Every Teenager… ever…
Malcontent and restlessness used to be the domain of adolescence and political radicals. But it seems that discontent has seeped into the very heart of the establishment and into the very soul of the ultimate expression of conformity, the church.
All over the place people are ’emerging’. New kinds of worship are developing daily. New ‘missional’ projects sprout up in the least likely places. Many have tried to explain this phenomena in sociological terms and with theories. That’s all great. It’s helpful and has given rise to a whole ‘new’ stream of theological thought but I’ve had a niggling thought that has scratched away at my consciousness for years now…
Is all of this emerging church stuff just good youth work?
Well, i’m going to try to follow that thought in a series of posts over the next few days and weeks and see where it goes. Let’s begin with root causes:
It started in the 50s. The invention of the ‘teenager’ and the steady decline of the established church seem to me to be inextricably linked but not because teenagers are disinterested in church. Far from it. They are linked because teenagers have grown up into ‘bored adults’.
I suspect that ‘bored adults’ have always existed. Boredom can be a powerful force for good and bad. Some bored people are driven to find ways to entertain and amuse themselves. They discover things, take risks others would never dream of and push boundaries.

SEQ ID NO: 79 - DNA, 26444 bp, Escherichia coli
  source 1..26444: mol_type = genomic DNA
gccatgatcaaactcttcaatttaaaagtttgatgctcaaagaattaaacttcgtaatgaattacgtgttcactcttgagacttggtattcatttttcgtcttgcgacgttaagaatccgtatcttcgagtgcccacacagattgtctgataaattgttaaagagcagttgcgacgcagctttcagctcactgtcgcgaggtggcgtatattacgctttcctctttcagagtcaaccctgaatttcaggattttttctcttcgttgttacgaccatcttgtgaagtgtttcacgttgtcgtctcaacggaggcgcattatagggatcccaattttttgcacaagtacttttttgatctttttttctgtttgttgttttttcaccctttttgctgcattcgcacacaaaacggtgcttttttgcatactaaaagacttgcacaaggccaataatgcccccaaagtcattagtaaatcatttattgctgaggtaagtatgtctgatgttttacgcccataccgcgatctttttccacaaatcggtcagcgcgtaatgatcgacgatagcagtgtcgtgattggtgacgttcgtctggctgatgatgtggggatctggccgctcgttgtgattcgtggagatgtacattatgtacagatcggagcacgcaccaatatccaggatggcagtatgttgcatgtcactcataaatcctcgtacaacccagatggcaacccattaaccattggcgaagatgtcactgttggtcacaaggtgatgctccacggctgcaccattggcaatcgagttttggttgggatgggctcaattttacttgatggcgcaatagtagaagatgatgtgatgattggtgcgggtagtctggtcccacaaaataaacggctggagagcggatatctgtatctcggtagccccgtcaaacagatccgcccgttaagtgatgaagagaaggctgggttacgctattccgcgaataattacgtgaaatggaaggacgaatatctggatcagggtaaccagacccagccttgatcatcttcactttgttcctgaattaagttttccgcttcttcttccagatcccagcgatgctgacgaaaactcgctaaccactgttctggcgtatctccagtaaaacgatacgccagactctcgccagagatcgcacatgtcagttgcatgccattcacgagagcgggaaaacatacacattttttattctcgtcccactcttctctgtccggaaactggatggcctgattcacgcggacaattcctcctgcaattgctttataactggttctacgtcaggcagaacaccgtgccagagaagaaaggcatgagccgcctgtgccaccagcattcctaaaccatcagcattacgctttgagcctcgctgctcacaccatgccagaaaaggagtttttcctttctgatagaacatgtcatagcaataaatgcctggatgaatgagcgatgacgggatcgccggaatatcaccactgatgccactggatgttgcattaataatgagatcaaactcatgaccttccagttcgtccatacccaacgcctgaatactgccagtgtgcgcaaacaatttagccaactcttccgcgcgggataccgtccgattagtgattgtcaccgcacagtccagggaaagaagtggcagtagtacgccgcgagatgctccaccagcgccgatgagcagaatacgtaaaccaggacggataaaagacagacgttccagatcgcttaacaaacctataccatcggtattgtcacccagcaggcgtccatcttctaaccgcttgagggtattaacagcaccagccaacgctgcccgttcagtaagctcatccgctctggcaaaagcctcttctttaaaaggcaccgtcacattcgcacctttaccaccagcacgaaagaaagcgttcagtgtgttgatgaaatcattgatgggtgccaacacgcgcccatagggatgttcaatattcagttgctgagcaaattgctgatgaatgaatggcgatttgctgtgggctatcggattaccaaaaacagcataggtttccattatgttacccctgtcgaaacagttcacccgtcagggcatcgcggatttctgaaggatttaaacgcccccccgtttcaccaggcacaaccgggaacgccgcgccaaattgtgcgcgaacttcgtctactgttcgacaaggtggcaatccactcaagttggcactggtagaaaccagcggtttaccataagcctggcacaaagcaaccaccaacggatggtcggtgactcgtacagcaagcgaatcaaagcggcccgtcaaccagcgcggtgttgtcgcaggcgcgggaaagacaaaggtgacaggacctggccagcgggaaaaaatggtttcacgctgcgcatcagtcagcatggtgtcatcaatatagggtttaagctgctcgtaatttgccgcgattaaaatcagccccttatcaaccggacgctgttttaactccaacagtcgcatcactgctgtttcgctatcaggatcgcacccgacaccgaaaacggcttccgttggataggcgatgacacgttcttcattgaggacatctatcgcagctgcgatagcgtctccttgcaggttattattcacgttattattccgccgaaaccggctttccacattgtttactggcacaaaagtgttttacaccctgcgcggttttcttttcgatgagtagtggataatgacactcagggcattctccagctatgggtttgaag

The other side to boredom is the one parents of teenagers know all to well. The stereotypical can’t be bothered, stay in bed all day, never leave their room, hate everything, never want to do anything teenager that we have all come to recognise, mostly because we were once that person. Apathy and inactivity seem to define a generation.
And yet we know that generalisation is really a myth. Young people are active and motivated and engaged.
But we’re not talking about teenagers. We’re talking about the ‘bored adults’.
In evolutionary terms ‘Bored Adults’ are the descendants of the ‘teenager’. Many sociologists have observed that adolescence has extended well into people’s 30s. More people are living at home with their parents for longer. People are settling with a partner later. People are having children later.
This elongation of adolescence has led to some interesting things. There is a whole new industry built on the 30 something with disposable income and few responsibilities. The average age of the ‘gamer’ is the early 30s.
Bored adults display many of the characteristics of teenagers. They find it hard to commit, they are wary of authority, they complain about how things are but show few signs of willingness to engage to make things better. Bored adults have disengaged. They don’t vote, except on the X-factor. They don’t participate, except with their close friends. They don’t sustain relationships, except with their 300 facebook friends.
We have strategies and tools to work with teenagers. We call it youth work. Youth work seeks to engage with young people who don’t engage in society. We have clubs and activities where they can engage with their peers, learn to take responsibility, develop new skills and even challenge authority.
I would suggest that the Emerging Church is youth work for ‘bored adults’.